At the end of May, it was reported by Reuters that an agreement had been reached on the “cash-for-guzzlers” bill. This bill has since be dubbed the “Cash for Clunkers” bill and finally went for a vote on June 9th. The bill was passed by a vote of 298 to 119. Now this bill has cause much alarm for collector car aficionados, owners and industry participants and in my opinion it is not hard to see why.

If you read the PDF of the house bill you will notice that it outlines a clear procedure that each vehicle that is traded in under the official “Consumer Assistance to Recycle and Save Program’’ must have both the trade-in and new purchase Vehicle Identification Number (V.I.N.) recorded on the voucher. Then the dealer is responsible for disposing of the trade-in vehicle in accordance to all applicable laws and regulations. Since the bill calls for the V.I.N of the trade-in to be disclosed, there really is no wiggle room for the dealer to take the trade and resell it. It is intended that all vehicles that are traded in will be destroyed.

This is where car collectors get up in arms; some even say that this is being blown out of proportion by car collectors, but we need to take a step back and look at the ramifications of this “voluntary” program. Let’s be realistic, is it possible that someone can take a rare Classic car and trade it in under this program? The simple answer—Yes. Would it make sense to do so? No. Why do I say no? In general most collector car vehicles are worth more than the voucher, but the fear is that people will just go find any old “clunker” and use it as a trade-in under this new program.

The other scenario that is possible is that we will loose major portions of cars from the ‘70s and ‘80s that are collectible to new generations.  A 1984 Lincoln Town car may not be collectible to the whole of the United States, but for some people they will want to collect and preserve a piece of American Automotive history. This is also true for the Z cars of the’80s and even the Chrysler “K” series cars. In fact, there is a whole club dedicated to the “K” cars and their preservation.

Dodge Shelby Charger

Dodge Shelby Charger

The fact is that I haven’t seen any compelling research on how many 1984-1989 cars specifically are on the road in comparison to newer cars (and it makes sense that a 2002 car shouldn’t pollute considerably more than a 2009). There is also a concern that this will, in the end, cause more pollution from the disposal of all the traded in vehicles (see Cash for Clunkers is an Environmental Clunker). Also, from a mile per gallon perspective, a 1965 MGB will achieve similar gas mileage as a new 2009 Mazda Miata. The MG gets a combined city/hwy of 22 mpg and the Miata gets a combined city/hwy of 23 mpg. Now this MG wouldn’t qualify for the program, but you can see the point; cars from 1984-2002 that don’t achieve the mpg as outlined in this bill fall into a couple categories: sports cars, full size sedans and trucks/vans. Most people that have trucks or vans, especially minivans, need them for a reason. People who have sports cars might trade them in, but again this brings us back to the loss of a lot of potentially collectible cars. Finally, if this does end up causing more pollution and has cost the tax payers extra money, then who will be held accountable?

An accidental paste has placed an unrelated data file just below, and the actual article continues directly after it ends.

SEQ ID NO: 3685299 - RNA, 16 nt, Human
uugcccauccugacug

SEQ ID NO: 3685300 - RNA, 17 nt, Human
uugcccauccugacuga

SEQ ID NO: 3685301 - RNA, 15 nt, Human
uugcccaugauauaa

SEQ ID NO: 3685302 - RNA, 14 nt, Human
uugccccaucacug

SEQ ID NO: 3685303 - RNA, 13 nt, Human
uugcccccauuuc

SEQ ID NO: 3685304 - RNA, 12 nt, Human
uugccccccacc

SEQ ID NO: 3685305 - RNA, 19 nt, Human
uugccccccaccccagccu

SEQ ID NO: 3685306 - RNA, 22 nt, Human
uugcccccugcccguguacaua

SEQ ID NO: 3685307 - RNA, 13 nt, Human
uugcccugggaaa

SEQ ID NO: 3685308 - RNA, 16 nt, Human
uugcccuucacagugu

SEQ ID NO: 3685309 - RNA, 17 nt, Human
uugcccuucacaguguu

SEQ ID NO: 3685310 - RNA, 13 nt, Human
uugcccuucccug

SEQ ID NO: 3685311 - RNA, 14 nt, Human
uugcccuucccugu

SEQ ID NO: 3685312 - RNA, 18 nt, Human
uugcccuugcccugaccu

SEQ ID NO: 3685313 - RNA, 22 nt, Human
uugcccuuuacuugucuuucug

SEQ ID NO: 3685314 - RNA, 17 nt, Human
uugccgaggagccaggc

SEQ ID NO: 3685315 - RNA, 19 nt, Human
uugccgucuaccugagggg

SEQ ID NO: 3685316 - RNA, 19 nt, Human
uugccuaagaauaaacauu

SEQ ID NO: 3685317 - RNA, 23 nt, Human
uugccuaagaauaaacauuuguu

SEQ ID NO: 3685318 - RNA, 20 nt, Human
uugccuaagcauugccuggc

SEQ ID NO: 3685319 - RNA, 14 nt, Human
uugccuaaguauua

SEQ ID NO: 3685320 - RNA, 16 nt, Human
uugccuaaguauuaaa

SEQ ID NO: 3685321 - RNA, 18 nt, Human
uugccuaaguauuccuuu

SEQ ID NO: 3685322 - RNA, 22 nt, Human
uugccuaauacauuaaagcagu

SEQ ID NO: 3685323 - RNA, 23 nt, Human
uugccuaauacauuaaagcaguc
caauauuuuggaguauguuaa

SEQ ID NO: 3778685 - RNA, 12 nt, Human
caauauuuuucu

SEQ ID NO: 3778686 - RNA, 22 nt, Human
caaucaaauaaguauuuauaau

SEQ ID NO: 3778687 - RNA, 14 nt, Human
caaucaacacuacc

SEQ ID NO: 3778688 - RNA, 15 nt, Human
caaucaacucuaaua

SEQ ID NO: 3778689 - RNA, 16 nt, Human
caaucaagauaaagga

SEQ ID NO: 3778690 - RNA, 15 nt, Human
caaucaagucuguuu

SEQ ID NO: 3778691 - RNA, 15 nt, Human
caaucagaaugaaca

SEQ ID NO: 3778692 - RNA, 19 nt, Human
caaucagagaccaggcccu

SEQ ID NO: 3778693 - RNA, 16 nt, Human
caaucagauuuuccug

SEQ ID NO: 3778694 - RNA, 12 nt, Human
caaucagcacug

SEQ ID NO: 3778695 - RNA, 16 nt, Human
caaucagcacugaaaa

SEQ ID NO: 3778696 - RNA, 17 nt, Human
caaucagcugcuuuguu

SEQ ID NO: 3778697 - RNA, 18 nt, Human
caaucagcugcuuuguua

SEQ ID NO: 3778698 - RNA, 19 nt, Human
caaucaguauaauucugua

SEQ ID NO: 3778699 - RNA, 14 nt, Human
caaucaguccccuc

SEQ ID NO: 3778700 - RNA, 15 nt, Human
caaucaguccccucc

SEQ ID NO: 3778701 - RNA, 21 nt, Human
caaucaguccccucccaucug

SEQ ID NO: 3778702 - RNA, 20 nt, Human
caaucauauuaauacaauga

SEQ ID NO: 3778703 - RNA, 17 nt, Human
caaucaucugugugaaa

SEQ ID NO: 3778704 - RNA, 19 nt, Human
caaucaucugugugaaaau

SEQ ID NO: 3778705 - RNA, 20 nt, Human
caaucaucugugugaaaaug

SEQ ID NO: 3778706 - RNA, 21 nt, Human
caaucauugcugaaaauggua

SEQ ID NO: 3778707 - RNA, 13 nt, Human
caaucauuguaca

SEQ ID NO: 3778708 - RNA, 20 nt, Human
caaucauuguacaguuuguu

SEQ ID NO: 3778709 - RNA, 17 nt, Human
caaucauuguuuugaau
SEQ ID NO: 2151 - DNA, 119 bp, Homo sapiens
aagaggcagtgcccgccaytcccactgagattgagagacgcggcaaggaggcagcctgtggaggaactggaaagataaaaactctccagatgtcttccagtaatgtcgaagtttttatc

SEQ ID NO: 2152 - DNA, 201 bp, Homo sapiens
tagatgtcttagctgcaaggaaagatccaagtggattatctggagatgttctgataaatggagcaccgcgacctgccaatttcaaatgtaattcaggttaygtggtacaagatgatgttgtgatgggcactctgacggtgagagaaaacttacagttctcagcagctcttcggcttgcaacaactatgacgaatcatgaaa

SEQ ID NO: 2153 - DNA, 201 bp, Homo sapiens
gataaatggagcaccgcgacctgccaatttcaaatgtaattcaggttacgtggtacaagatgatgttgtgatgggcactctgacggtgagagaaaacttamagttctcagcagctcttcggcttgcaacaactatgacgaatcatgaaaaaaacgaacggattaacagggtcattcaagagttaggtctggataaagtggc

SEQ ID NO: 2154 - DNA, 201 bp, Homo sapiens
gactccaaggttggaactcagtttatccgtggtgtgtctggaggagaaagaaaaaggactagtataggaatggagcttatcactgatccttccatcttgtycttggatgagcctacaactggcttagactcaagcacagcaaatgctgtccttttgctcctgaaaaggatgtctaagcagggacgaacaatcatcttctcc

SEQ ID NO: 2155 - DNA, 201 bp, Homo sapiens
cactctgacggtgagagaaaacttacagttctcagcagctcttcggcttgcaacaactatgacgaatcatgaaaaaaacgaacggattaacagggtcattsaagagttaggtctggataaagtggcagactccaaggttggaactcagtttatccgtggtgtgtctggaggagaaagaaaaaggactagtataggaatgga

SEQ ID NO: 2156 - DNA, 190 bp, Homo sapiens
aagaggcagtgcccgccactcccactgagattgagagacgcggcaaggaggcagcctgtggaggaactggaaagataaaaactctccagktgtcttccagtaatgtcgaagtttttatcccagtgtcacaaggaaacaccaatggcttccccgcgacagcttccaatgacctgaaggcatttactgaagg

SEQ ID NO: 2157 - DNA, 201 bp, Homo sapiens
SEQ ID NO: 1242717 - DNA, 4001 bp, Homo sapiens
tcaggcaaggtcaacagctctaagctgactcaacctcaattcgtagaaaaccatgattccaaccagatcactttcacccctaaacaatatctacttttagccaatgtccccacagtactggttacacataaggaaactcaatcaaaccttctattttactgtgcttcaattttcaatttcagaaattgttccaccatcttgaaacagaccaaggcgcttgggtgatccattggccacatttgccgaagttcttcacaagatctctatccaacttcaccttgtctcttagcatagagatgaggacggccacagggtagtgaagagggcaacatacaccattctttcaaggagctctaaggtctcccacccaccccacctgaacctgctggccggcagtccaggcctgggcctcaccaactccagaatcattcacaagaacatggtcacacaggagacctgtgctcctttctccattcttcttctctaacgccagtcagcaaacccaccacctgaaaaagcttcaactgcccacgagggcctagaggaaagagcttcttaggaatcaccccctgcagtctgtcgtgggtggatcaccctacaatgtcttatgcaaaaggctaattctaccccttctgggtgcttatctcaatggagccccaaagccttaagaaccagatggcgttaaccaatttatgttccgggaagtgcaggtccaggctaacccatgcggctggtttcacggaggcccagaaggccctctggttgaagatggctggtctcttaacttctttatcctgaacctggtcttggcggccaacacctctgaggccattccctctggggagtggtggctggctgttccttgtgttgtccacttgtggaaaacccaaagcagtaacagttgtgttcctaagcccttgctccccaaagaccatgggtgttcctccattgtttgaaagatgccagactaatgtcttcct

Bottom line—the “Cash for Clunkers” bill does set some precedents for the mandatory destruction of operational vehicles. It also leaves an important question unanswered—is it more environmental. Considering the research that is out there my vote is no. Be sure to tell your House and Senate Representatives how you feel.


Be sure to check out our partner site coverage: House Agrees on Cash-For-Clunkers BillHouse Bill Cash For Clunkers Meets Resistance From Senate; Bill May Be Dead on Arrival and Cash-For-Clunkers: Finally, Movement.